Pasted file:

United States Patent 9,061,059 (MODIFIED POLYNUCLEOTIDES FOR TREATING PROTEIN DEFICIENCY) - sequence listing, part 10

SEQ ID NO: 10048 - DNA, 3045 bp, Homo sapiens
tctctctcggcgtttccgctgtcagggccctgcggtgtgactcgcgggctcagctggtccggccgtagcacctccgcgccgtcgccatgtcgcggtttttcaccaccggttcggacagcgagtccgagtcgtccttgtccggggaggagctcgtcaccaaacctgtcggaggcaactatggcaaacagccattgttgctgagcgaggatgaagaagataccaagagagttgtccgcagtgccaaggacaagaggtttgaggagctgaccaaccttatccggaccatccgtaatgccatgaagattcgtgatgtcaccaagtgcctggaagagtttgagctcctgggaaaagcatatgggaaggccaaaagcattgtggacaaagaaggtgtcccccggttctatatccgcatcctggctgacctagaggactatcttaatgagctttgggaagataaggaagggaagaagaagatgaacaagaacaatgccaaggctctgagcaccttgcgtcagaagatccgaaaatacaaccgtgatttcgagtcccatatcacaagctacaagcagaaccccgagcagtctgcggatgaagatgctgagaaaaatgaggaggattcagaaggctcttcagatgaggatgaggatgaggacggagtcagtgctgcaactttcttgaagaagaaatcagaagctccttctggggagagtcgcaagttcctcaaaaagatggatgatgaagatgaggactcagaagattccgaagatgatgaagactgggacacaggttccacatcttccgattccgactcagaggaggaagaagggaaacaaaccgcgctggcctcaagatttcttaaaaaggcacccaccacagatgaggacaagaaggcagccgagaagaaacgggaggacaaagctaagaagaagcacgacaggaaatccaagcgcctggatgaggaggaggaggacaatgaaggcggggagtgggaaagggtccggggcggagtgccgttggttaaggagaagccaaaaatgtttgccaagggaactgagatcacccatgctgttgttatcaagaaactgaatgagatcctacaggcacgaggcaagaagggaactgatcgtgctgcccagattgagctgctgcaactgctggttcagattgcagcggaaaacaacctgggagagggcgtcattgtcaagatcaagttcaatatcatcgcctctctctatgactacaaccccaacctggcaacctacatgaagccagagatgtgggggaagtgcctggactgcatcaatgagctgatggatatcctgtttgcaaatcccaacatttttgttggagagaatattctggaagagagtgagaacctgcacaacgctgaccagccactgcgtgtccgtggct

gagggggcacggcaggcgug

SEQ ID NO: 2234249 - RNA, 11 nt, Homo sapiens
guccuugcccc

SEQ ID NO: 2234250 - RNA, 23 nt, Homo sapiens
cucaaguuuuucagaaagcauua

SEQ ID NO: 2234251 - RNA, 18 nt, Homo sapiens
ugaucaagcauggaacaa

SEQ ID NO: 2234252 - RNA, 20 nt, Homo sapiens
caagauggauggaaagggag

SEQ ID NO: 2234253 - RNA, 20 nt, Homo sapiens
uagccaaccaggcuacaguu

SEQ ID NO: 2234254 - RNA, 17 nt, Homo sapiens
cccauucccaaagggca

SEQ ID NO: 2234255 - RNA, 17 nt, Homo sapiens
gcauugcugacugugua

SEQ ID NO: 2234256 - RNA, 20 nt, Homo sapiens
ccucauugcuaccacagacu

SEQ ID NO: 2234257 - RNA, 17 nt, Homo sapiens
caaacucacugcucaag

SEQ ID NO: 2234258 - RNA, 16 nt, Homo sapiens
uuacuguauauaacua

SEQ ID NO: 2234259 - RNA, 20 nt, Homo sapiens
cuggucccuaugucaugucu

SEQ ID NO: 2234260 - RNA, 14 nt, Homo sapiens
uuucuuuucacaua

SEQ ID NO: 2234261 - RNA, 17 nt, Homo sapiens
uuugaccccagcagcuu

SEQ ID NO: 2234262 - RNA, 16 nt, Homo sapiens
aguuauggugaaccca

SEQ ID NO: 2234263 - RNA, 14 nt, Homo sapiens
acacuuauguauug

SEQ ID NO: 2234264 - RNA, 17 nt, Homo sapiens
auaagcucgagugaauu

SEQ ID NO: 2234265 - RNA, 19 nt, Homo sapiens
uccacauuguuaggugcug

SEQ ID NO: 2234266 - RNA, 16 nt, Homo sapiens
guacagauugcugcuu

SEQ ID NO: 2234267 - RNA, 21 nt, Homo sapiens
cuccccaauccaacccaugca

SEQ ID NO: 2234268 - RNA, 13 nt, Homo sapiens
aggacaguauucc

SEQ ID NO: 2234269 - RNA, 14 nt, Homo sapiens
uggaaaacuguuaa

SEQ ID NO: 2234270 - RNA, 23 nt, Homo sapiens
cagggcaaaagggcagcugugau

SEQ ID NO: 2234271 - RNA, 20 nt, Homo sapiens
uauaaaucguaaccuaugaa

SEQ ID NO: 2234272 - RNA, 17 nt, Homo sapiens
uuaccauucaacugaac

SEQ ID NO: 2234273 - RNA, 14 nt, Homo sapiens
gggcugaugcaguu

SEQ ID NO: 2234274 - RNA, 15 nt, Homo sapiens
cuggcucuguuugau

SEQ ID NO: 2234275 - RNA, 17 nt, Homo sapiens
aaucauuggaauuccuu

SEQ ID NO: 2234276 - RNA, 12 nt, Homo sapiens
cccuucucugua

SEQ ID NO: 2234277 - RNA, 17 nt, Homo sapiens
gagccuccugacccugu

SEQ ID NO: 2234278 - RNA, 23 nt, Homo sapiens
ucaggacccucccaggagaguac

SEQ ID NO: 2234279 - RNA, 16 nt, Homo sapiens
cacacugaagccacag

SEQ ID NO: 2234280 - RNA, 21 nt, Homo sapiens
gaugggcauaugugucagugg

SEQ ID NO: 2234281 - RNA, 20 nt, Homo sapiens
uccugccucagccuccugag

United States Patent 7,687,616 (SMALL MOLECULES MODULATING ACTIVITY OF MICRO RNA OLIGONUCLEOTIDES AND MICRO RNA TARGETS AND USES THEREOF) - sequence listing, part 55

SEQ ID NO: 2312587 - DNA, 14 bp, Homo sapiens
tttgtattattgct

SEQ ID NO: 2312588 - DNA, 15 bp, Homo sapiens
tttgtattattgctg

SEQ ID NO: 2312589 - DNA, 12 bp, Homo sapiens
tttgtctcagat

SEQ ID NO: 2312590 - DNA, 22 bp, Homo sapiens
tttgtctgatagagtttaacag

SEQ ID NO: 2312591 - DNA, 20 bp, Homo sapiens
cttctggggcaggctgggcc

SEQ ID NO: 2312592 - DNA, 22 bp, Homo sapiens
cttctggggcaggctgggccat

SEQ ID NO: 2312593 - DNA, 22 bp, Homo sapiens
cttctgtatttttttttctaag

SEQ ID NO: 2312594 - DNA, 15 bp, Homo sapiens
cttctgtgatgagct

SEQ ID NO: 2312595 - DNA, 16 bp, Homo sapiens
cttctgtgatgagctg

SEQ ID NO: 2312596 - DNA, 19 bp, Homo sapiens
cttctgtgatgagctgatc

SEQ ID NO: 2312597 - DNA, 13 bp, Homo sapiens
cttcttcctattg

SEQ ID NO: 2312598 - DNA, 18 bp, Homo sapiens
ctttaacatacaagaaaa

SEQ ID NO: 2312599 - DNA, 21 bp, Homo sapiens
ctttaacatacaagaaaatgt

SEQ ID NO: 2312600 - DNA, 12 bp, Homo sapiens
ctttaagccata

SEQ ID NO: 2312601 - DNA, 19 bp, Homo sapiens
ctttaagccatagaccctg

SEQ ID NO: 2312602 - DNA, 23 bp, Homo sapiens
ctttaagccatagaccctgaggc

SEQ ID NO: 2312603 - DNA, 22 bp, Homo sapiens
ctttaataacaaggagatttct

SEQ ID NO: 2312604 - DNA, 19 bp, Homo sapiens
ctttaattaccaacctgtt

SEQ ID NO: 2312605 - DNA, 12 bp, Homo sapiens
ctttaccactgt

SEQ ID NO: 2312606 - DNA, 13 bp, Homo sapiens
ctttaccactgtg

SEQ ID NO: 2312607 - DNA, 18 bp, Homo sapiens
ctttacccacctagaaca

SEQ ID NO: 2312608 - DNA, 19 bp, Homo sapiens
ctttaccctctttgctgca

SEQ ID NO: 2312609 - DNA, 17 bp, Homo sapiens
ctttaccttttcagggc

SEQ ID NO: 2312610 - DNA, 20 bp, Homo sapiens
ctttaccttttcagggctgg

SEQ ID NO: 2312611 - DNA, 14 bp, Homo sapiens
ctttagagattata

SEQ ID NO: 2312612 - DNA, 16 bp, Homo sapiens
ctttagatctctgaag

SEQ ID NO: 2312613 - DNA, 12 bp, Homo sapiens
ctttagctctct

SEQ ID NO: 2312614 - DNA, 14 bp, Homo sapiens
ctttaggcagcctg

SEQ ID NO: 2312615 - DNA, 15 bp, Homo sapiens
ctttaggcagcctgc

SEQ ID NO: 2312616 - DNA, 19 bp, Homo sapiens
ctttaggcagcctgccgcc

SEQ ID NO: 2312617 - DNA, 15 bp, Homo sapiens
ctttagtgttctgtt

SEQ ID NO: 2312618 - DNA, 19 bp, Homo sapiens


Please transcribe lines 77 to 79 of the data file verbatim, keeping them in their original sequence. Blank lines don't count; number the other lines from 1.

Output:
tttgtctcagat

SEQ ID NO: 2312590 - DNA, 22 bp, Homo sapiens
tttgtctgatagagtttaacag